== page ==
The nasal septum is the bone and cartilage in the middle of your nose. It is what separates your nasal cavities and is responsible for keeping you breathing freely through your nose. However, if the septum is crooked, or deviated, it can hinder your breathing.
According to WebMD, about 80% of people have somewhat of a deviated septum. The good news is that unless the deviation is severe, you probably won’t even notice it. And fortunately, for most people, this is the case. Unfortunately for the others, a seriously crooked septum can result in breathing problems and requires treatment.
How do I know if I require treatment?
- Congestion, especially with one side worse than the other
- Difficulty breathing
- Recurrent sinus infections
- Facial pain
- Postnasal drip
- Loud breathing and snoring during sleep
- Sleep apnea
What causes a deviated septum?
You may be born with one, or it can come about because of injury. That said, a broken nose doesn’t necessarily lead to a deviated septum.
What’s the treatment for this condition?
To manage your congestion and discomfort, you can reach for the old standbys:
Or, if you are ready to do more than just manage it, you can schedule an appointment at our sister office, Westwood Ear, Nose and Throat for a more permanent solution. Through superior, patient-centered care, our doctors will be able to determine if you have a deviated septum and whether or not you are a candidate for a surgical procedure called septoplasty, which will repair a crooked septum and improve breathing. During these procedures, the doctor will make a small incision in the area of the nose that needs repairing and remove excess bone or cartilage or lessen swelling and blockage in other ways that can widen the breathing space. Sometimes, a rhinoplasty is combined with septoplasty to improve the appearance or crookedness of the nose.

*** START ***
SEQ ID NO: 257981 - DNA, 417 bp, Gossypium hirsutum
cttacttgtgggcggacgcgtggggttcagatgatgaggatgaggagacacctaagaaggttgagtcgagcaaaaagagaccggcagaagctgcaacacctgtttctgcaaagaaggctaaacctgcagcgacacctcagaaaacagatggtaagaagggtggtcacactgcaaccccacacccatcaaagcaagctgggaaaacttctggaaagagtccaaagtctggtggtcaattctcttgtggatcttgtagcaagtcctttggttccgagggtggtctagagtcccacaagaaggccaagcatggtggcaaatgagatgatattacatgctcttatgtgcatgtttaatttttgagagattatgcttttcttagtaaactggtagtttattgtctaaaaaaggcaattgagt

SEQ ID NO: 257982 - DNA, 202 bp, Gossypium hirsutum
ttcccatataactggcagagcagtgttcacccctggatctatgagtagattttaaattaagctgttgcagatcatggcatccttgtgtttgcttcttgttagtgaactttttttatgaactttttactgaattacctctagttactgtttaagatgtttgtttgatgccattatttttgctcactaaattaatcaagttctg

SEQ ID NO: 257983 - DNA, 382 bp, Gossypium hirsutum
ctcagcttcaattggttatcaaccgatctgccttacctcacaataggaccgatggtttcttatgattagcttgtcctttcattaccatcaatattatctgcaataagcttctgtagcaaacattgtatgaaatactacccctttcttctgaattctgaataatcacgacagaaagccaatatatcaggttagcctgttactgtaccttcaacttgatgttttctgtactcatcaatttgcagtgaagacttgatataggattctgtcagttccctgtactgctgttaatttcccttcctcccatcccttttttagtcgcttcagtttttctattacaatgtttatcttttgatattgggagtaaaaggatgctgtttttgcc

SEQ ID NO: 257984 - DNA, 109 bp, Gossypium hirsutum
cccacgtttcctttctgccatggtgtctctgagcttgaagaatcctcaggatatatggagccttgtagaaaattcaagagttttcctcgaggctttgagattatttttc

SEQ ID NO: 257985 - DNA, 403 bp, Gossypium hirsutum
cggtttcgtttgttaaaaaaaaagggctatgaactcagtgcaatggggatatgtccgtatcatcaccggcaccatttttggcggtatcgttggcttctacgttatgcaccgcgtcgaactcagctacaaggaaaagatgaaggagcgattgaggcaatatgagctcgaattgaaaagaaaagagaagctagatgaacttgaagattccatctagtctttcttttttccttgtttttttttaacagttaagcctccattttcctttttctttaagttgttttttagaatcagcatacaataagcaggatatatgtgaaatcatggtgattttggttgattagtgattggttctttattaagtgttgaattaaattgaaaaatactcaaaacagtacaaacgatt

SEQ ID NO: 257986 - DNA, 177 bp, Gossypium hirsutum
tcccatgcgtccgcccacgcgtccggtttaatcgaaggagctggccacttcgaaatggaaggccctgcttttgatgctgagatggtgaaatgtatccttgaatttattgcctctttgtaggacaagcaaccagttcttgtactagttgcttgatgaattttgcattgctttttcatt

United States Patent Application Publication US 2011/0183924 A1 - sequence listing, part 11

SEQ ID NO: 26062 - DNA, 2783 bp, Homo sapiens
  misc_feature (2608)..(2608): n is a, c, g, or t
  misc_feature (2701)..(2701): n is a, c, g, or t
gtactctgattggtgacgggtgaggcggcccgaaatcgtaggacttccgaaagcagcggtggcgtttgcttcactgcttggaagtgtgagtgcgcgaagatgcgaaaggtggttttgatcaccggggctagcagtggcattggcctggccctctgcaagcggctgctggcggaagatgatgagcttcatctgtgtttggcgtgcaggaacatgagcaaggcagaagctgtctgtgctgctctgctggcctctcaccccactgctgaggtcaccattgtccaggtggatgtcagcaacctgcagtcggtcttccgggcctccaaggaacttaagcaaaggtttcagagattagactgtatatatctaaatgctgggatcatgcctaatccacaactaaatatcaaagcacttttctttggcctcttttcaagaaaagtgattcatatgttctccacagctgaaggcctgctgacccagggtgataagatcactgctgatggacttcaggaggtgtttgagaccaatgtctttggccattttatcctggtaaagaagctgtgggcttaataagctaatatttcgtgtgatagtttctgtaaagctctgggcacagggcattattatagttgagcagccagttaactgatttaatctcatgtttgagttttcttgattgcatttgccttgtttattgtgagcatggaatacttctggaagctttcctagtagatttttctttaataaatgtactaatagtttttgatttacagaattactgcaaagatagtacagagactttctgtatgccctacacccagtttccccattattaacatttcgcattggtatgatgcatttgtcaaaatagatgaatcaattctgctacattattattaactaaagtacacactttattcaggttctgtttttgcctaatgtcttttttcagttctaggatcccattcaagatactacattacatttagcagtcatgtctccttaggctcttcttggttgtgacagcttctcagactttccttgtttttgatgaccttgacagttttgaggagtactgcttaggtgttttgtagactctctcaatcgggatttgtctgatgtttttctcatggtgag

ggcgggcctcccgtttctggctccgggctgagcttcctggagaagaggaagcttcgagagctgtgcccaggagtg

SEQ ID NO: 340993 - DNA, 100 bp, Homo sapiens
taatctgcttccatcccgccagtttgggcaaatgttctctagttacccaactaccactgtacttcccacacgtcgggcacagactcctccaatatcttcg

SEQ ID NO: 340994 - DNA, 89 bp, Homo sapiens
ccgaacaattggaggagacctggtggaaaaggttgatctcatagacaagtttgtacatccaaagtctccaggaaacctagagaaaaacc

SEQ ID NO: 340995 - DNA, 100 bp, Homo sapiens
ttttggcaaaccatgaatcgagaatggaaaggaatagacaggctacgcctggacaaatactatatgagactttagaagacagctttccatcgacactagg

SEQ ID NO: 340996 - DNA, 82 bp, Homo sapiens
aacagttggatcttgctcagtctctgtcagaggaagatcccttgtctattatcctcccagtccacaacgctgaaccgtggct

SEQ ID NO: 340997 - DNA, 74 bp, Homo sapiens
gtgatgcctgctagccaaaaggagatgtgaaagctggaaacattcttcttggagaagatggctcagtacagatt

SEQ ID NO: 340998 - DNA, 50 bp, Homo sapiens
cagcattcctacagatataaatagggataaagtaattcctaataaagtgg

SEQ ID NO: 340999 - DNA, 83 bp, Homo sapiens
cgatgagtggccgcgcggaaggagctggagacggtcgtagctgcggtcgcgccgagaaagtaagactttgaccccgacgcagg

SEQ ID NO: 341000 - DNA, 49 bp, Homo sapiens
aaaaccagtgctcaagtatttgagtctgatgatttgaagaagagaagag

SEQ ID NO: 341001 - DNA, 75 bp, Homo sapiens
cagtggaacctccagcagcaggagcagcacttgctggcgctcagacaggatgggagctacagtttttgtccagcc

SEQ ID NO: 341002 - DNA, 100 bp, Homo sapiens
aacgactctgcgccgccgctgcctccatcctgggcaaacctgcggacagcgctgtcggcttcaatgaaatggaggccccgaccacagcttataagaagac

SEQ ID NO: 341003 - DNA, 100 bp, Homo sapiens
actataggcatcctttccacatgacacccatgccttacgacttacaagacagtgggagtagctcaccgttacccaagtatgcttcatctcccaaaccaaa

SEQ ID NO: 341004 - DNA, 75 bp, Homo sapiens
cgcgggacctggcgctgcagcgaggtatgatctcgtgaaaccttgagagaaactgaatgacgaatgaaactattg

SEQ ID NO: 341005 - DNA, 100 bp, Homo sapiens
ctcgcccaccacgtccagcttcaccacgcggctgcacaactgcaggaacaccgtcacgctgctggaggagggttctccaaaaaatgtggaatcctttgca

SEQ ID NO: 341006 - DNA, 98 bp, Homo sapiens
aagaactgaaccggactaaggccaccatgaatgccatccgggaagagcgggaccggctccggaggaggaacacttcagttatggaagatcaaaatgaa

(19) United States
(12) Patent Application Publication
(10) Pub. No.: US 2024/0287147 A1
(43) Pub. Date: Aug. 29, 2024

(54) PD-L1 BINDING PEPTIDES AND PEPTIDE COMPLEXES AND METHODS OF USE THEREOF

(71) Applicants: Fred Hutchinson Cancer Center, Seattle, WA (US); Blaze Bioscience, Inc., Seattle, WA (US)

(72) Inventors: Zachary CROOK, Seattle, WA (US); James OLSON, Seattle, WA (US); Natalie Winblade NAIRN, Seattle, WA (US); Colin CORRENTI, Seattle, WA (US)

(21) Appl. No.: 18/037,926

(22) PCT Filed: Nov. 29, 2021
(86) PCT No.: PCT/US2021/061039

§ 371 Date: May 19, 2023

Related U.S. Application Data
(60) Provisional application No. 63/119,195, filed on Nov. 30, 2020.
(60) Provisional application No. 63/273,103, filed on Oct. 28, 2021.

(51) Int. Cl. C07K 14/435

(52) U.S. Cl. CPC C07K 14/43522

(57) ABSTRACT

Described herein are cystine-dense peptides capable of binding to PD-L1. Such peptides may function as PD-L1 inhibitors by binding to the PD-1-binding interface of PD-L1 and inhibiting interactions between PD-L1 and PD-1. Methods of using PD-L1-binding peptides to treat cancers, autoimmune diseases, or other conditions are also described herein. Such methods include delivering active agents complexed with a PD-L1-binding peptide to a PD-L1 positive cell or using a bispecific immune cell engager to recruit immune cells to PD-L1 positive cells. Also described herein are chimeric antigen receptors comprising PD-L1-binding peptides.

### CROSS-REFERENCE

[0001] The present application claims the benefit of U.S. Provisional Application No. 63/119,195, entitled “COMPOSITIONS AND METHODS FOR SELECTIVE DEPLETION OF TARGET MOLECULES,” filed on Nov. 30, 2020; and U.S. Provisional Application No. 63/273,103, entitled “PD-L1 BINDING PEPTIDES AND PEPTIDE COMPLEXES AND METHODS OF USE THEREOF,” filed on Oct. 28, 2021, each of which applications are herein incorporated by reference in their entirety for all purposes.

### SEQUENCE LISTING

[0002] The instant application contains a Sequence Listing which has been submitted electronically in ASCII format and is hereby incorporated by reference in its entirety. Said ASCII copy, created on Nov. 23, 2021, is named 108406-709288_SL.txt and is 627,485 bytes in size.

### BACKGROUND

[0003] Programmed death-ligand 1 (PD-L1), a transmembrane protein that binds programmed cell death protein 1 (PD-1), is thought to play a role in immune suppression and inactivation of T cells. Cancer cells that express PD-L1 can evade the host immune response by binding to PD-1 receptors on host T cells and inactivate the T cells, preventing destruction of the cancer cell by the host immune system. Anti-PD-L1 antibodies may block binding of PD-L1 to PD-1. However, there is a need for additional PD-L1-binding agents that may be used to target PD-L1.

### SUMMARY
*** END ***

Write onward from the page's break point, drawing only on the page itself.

This outpatient procedure is performed under local or general anesthesia and can usually be done within an hour and a half. If you eligible to have it, your doctor will make sure that you are prepared and comfortable every step of the way.
If you think you may be suffering from a deviated septum, make a straight-line path to your phone and call Westwood Ear, Nose and Throat at (203) 574-5987 today.
With three conveniently-located offices, there is no reason to turn your nose up to finding relief.